Sports and Politics: Pondering the Purpose of Pundits

I work tech support for a cable company, which means that there are test televisions throughout our offices so that we can “monitor” the cable signals and make sure all of the channels are working, or at least have the ability to test when we get reports of issues.  Ostensibly, that’s what they are there for. And, yes, occasionally different agents will walk up to the television and change the channel to check on something, or go into the settings of the cable box to see what a customer is explaining.  But, mostly, these televisions are just an excuse for the guys to watch sports.  The tvs are almost always tuned to some sports channel or another, and I swear I have seen more sports in the last seven months than I ever have in my life, not being someone who is all that into watching sports.

But what I don’t get much is the idea of the pundit or commentator.  Sure, I realize why we need a commentator during a sporting event, someone to narrate and explain what is going on, but what is their job during the off times, during those hours and day when there is no game being played?  From what I can tell, they just like to hear themselves talk.  And they talk about the most obscure, random things that could even possibly be related to the sport in question.  Two to three days before the game they spend all of their time talking about the upcoming matchup – comparing the two teams, analyzing players’ past performances, guessing and making predictions about what the outcome of the ‘big game’ will be.  And then we have the big game.  And for two to three days after the game they spend all of their time rewatching and analyzing and explaining just how this team lost or that team won, or how this team might have, should have, could have done this or that or the other.  It seems like 90% of their job is speculation, making things up and speaking as if it were fact, or as if it mattered.

And then, recently, we have been seeing the exact same thing on the ‘legitimate’ news channels as well, with regard to the presidential election.  For weeks before each debate or poll or speech or event or whatever, they talk about the possibilities, about what could happen, about what should happen, about what might happen if this, that, or the other thing may possibly happen.  And then we have the big debate, or the rally, or the latest poll and they begin the whole process of analyzing, explaining, defining and redefining, explaining why this does or does not make a difference in the long run.  Honestly, though, it really is a lot of hot air.  They speak a lot while not really saying anything important or relevant.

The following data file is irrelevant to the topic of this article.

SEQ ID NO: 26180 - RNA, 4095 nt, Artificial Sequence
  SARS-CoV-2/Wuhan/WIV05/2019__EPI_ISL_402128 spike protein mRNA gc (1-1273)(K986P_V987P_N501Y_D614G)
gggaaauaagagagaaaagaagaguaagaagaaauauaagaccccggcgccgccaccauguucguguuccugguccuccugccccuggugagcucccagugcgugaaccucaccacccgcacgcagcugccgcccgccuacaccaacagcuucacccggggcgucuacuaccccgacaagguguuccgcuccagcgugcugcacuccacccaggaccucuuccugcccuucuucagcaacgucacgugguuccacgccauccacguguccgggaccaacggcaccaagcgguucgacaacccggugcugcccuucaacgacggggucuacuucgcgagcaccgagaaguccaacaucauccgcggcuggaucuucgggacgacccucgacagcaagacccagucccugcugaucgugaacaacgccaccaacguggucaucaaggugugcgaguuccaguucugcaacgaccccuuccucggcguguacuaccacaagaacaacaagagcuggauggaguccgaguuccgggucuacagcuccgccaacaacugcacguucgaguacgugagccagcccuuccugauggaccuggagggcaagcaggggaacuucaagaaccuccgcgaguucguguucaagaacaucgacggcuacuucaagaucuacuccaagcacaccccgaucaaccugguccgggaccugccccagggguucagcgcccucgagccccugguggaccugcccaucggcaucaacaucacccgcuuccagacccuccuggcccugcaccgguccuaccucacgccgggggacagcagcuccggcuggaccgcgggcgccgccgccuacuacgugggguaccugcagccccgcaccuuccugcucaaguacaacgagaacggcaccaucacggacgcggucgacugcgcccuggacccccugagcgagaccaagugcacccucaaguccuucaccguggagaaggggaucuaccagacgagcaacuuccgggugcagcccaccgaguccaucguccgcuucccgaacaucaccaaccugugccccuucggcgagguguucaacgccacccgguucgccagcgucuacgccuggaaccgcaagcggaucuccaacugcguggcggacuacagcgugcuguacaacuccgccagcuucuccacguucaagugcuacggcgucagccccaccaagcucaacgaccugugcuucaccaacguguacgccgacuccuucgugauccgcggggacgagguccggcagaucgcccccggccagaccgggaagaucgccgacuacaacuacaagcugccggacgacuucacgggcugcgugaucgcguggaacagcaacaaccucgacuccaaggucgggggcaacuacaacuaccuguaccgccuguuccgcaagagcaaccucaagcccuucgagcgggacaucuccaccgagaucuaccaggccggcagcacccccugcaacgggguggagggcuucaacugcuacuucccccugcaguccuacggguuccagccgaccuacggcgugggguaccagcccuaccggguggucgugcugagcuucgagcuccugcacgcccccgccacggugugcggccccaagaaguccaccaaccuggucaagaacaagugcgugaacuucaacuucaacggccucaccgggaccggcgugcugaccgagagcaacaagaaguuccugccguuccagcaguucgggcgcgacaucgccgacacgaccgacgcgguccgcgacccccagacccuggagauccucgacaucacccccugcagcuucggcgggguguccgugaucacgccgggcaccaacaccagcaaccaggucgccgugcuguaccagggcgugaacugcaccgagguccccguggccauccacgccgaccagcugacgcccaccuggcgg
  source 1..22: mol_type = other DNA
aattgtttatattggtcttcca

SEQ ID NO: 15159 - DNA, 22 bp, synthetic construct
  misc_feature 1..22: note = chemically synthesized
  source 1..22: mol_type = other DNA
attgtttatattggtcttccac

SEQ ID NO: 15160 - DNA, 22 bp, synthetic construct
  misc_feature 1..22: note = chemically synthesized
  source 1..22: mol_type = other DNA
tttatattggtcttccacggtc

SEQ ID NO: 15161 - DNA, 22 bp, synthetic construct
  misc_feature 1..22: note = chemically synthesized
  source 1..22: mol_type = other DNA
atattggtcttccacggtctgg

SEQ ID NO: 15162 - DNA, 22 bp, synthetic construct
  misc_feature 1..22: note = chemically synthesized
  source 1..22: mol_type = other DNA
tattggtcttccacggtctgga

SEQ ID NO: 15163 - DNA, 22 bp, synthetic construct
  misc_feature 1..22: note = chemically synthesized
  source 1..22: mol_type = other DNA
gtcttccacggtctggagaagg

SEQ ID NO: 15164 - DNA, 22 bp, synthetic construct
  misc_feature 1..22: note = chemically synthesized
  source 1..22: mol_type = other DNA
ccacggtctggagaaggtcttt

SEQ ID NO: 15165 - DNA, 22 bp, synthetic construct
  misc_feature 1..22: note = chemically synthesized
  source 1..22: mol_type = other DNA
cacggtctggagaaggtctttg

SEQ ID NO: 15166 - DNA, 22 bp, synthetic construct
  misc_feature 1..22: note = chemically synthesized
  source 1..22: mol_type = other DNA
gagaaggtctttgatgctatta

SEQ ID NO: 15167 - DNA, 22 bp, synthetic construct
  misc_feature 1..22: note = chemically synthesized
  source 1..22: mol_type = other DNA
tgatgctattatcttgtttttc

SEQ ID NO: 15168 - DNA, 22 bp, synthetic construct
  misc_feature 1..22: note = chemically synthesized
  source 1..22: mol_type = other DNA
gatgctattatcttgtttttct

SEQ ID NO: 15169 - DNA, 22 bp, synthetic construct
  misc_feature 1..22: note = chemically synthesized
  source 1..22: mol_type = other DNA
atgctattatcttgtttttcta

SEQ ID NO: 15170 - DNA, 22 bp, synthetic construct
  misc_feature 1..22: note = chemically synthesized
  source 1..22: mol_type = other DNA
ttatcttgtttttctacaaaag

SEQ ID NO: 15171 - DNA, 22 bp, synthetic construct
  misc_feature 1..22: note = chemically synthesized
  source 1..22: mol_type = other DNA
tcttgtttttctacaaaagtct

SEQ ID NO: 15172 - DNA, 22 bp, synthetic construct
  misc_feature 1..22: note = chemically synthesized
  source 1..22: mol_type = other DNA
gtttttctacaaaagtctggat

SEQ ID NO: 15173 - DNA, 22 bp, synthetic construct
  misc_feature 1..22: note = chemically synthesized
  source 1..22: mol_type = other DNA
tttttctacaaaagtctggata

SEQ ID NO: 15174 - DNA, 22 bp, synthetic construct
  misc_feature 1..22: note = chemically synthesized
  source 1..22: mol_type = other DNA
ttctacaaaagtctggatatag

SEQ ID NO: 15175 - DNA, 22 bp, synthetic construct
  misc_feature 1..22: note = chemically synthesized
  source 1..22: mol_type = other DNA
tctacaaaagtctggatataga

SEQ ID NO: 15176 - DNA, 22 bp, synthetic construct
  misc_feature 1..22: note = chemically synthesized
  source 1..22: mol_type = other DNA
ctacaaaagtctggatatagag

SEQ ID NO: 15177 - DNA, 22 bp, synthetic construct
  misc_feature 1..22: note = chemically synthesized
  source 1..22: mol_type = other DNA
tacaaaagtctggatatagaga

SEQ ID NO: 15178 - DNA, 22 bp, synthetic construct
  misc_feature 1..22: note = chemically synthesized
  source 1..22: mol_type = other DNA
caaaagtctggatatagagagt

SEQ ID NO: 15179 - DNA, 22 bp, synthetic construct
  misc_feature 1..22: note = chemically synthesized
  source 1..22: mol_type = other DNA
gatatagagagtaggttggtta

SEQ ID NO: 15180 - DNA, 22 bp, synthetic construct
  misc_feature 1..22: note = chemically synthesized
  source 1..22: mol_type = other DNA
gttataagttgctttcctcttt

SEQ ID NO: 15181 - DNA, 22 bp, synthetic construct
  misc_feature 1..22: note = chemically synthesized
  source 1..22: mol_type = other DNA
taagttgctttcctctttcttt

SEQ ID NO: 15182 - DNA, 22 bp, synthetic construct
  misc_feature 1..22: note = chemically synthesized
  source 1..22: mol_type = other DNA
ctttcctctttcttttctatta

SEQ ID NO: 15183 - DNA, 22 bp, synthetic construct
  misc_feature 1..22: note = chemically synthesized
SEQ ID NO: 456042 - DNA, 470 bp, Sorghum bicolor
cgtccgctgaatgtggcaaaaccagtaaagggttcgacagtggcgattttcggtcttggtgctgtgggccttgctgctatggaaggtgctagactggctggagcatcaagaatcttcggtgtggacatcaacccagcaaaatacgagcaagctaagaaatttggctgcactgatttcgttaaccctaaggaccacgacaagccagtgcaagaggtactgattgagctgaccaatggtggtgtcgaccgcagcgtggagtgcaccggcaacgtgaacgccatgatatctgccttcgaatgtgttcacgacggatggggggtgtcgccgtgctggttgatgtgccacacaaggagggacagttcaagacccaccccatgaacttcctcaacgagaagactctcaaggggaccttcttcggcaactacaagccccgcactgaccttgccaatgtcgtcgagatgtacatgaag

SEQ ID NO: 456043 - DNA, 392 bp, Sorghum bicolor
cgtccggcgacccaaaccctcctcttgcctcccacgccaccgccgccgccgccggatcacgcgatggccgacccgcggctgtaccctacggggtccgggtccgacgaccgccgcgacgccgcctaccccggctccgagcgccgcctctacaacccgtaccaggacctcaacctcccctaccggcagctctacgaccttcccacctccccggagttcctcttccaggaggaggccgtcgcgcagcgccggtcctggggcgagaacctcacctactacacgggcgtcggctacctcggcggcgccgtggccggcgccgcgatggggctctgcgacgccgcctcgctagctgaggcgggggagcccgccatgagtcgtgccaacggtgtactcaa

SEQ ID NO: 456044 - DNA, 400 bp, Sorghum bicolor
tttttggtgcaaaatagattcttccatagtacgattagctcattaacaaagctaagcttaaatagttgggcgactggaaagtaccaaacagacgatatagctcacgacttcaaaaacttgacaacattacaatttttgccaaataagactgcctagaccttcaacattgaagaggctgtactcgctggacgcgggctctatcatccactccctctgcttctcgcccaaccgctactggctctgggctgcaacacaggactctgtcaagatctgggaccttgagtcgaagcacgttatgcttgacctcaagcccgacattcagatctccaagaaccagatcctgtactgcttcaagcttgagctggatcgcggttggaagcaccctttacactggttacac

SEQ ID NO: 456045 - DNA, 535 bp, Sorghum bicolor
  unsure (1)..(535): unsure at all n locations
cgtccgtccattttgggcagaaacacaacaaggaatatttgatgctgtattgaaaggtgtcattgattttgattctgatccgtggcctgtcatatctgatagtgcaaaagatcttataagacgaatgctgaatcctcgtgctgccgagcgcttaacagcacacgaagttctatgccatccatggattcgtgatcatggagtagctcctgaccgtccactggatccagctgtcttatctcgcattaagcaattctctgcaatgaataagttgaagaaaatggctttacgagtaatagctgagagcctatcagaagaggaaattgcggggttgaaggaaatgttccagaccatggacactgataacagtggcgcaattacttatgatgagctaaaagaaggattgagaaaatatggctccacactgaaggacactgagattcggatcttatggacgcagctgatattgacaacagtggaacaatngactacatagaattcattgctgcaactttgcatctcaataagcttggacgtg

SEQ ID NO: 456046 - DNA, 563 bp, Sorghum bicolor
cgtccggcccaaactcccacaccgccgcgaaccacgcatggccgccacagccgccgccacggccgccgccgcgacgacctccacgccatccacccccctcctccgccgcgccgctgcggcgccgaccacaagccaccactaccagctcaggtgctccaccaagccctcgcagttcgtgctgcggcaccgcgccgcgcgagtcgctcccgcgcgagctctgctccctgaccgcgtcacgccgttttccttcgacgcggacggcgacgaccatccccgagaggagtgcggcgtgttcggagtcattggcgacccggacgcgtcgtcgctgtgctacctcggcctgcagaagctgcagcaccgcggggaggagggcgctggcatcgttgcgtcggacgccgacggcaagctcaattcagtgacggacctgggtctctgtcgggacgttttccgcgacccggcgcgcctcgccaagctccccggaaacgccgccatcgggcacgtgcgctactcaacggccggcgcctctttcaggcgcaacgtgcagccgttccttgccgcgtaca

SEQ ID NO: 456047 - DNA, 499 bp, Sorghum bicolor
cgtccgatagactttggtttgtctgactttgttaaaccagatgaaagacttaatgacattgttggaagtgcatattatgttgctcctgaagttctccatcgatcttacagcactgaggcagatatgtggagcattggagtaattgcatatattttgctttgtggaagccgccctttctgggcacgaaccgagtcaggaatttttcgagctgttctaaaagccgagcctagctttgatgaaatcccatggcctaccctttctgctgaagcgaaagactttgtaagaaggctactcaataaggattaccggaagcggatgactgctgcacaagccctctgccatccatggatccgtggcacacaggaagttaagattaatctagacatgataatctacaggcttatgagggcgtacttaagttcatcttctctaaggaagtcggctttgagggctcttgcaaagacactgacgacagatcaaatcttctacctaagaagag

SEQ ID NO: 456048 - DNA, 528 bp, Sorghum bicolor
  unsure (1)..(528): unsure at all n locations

What is the point?  Why do we have so many pundits on our television?  What is it about sports and politics that demands that we analyze and over-analyze every detail, until it no longer matters?  And more importantly, how do I get a job where all I have to do is ramble on about meaningless details and my opinion about how important they really are?  And at what point do we realize that polls and surveys have no actual meaning or relevance on anything?

Seriously.  Political polls do no matter. They do not represent what people really think, they represent what people want pollsters to think they think.  And does it really matter weeks and months before election day to know how many people think they may be voting for this guy or that guy?  But they send these polls out every week just so that they have something to talk about on their 24 hour news channels when they run out of real news to report.  What really bothered me was the Fox News polls, and their subsequent reporting of their results.  So, Fox News asks its viewers to tell them what they think about certain issues and candidates, and then Fox News reports the results of these ‘surveys’ as if they somehow have bearing upon the election.  As if we did not all already know exactly how most viewers of Fox News were voting anyway.

Basically, I guess I’m saying that I’m jaded – not with politics, I enjoy politics and discussing politics, but I am jaded with pundits.  People who pretend to know and demand that I pay attention to their opinions disguised as news or facts or meaningful speech.  I enjoy talking about politics with my wife and with coworkers and with friends.  I even enjoy reading news online from a lot of different sources.  I will admit, that I will probably be watching CNN or something tonight as the polls close and we start to get results, hoping that maybe we can know who the next president will be without having to wait weeks and months for it to all be decided.  We’ll see what happens, then, I guess.  But, either way, those talking heads on television will have plenty to fill their mouths with for another four years.

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